Gone, but Not Forgotten, for Three Weeks

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I will be away from my computer for the next three weeks. My son, Tom, will be filling on for me occasionally during this period. My wife and I are going to Turkey with a group. We will visit the modern and ancient parts of the country. In preparation for the trip, I have been reading and listening to tape stories of the very long history of the region. Some of the longest periods of empire characterize the area—Roman, Byzantine, and Ottoman—reaching from a few centuries after the start of the Common Era virtually to the time of my birth.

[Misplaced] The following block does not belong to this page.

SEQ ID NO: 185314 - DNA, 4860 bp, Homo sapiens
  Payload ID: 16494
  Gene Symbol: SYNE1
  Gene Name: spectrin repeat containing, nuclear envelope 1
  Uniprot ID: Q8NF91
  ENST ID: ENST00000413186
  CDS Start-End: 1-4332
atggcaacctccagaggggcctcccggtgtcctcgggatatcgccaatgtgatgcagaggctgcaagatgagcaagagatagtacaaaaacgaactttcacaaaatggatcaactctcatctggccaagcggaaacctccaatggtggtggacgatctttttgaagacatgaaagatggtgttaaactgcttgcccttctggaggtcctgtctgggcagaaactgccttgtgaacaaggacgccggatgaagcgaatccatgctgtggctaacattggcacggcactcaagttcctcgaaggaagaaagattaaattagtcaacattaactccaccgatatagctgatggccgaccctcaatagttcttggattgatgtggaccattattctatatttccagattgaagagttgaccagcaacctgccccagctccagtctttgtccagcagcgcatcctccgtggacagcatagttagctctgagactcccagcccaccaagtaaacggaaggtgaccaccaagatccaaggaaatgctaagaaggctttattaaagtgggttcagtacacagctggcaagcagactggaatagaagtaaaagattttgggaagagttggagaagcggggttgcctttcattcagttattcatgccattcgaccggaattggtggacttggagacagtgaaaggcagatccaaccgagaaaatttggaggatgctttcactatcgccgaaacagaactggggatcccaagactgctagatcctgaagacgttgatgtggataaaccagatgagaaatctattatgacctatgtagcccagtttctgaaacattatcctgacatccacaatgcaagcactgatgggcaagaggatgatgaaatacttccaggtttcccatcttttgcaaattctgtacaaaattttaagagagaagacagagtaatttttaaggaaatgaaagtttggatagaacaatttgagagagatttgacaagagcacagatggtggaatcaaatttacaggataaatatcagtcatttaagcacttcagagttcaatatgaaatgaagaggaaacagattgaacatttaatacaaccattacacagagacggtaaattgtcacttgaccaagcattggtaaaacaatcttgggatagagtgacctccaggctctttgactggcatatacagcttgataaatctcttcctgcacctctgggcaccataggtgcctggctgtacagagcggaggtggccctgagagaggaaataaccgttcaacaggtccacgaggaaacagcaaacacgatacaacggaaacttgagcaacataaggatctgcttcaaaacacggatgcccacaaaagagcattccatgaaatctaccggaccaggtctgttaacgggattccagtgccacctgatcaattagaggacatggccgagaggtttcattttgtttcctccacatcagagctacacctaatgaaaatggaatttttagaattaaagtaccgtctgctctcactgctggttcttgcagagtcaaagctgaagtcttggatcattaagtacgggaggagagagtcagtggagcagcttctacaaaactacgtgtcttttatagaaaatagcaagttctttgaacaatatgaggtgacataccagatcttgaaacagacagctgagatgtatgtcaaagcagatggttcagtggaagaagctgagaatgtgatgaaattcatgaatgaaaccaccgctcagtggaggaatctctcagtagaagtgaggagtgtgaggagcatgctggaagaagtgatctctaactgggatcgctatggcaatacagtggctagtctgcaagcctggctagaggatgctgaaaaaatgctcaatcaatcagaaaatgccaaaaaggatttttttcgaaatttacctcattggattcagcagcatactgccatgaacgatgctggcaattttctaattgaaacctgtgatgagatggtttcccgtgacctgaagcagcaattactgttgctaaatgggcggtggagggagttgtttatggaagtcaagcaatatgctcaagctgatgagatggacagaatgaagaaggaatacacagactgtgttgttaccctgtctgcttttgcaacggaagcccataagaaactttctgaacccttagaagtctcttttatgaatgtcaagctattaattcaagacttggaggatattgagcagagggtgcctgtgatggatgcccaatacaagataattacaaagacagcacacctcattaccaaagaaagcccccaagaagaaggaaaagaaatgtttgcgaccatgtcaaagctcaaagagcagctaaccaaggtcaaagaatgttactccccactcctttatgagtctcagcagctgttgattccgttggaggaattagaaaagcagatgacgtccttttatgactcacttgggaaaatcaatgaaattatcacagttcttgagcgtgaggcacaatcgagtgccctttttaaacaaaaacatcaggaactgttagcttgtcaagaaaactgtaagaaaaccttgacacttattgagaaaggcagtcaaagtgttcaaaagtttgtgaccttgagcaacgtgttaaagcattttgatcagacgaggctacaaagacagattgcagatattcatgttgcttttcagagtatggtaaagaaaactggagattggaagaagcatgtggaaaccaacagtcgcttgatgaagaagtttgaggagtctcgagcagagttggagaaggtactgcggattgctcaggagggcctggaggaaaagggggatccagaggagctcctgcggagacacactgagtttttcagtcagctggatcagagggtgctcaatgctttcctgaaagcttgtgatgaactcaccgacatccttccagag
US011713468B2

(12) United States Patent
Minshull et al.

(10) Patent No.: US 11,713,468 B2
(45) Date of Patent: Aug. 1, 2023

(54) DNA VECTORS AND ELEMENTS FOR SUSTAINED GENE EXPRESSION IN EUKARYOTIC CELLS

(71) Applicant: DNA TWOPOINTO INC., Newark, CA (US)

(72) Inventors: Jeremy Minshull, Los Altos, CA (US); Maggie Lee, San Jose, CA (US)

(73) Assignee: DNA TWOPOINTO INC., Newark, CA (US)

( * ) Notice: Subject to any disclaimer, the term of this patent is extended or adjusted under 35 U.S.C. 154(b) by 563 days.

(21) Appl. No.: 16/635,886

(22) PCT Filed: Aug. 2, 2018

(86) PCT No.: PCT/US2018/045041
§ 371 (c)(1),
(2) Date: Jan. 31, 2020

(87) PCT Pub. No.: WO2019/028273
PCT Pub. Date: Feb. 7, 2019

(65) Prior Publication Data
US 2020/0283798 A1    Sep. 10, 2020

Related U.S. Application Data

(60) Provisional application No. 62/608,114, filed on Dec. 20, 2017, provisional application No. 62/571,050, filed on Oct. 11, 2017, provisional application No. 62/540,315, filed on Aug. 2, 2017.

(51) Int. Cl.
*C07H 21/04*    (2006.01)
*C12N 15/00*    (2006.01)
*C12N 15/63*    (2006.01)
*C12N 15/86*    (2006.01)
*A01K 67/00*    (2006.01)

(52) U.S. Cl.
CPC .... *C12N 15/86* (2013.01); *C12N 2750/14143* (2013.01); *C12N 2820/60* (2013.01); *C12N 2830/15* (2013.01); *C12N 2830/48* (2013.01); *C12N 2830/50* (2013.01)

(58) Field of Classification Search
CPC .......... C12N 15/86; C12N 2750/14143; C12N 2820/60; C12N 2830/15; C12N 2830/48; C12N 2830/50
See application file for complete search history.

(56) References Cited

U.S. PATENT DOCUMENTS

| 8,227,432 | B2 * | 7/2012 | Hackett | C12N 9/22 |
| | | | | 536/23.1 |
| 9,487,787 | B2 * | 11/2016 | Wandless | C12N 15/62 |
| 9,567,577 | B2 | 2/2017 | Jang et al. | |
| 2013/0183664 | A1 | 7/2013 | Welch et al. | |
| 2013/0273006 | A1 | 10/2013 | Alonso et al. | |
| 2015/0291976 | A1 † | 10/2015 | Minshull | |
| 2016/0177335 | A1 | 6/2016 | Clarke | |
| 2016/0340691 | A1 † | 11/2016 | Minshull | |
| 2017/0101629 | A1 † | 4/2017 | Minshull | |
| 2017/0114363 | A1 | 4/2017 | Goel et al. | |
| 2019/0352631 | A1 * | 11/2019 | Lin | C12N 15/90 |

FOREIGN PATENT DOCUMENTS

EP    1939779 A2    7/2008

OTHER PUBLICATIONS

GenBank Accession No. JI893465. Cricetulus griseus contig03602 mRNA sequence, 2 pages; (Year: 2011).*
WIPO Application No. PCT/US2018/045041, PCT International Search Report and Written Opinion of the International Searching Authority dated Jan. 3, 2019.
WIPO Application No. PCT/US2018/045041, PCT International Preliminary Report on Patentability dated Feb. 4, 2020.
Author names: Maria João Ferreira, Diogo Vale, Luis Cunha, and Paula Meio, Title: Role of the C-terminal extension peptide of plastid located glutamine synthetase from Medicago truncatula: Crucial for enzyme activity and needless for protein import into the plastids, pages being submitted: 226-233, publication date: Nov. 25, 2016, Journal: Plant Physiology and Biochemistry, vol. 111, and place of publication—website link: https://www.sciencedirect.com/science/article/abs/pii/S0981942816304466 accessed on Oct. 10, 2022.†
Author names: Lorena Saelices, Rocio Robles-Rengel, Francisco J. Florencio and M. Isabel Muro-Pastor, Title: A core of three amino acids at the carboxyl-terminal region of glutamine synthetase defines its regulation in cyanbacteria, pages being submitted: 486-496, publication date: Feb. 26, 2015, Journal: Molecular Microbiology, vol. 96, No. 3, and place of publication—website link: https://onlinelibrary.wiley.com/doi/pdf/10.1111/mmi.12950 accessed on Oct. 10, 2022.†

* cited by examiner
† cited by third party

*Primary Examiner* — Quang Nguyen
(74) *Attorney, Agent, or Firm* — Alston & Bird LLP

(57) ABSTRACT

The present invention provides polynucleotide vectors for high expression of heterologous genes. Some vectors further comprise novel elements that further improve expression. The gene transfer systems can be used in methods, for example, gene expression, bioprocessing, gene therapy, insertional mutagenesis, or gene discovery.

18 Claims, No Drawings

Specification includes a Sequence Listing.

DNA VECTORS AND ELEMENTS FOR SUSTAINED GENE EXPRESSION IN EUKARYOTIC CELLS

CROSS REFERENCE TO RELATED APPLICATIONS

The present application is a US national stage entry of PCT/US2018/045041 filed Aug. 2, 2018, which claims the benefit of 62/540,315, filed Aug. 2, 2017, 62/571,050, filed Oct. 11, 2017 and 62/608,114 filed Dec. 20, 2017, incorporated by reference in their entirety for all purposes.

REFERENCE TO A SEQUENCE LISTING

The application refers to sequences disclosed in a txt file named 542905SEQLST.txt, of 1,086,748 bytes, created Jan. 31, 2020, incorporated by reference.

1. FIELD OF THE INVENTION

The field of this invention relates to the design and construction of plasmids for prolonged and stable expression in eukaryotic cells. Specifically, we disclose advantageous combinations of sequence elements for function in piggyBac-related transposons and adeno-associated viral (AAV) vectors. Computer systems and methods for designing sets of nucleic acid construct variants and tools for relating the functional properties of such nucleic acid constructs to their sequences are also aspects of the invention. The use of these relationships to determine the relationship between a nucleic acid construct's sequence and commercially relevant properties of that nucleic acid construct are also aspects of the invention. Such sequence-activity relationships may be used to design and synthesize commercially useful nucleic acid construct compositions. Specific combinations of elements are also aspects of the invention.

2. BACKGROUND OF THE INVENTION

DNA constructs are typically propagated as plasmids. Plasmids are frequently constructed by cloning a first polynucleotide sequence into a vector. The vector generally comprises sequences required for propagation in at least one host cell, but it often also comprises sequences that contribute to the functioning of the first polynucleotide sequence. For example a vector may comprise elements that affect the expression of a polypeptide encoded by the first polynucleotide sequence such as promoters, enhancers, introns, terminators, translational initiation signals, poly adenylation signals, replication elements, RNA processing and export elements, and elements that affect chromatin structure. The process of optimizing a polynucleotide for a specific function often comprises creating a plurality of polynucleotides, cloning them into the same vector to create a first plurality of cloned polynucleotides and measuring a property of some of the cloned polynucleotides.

For each, it was wars that created and brought down the empire. Power, domination, and ideology did work for a quite a while, longer than the modern era has lasted so far. Eventually all failed to provide sustainability for their imperial cultures. None had a grasp of the global system anywhere comparable to that we possess as result of our modern forms of science and technology. Even with that much larger knowledge coupled to a myriad of tools to cope with human and natural “problems,” we are faced with the potential end to the imperium of technology and economics that now transcends national borders. I hope that exposure to the vast history of Turkey in situ will help me better understand what it takes to produce sustainability.

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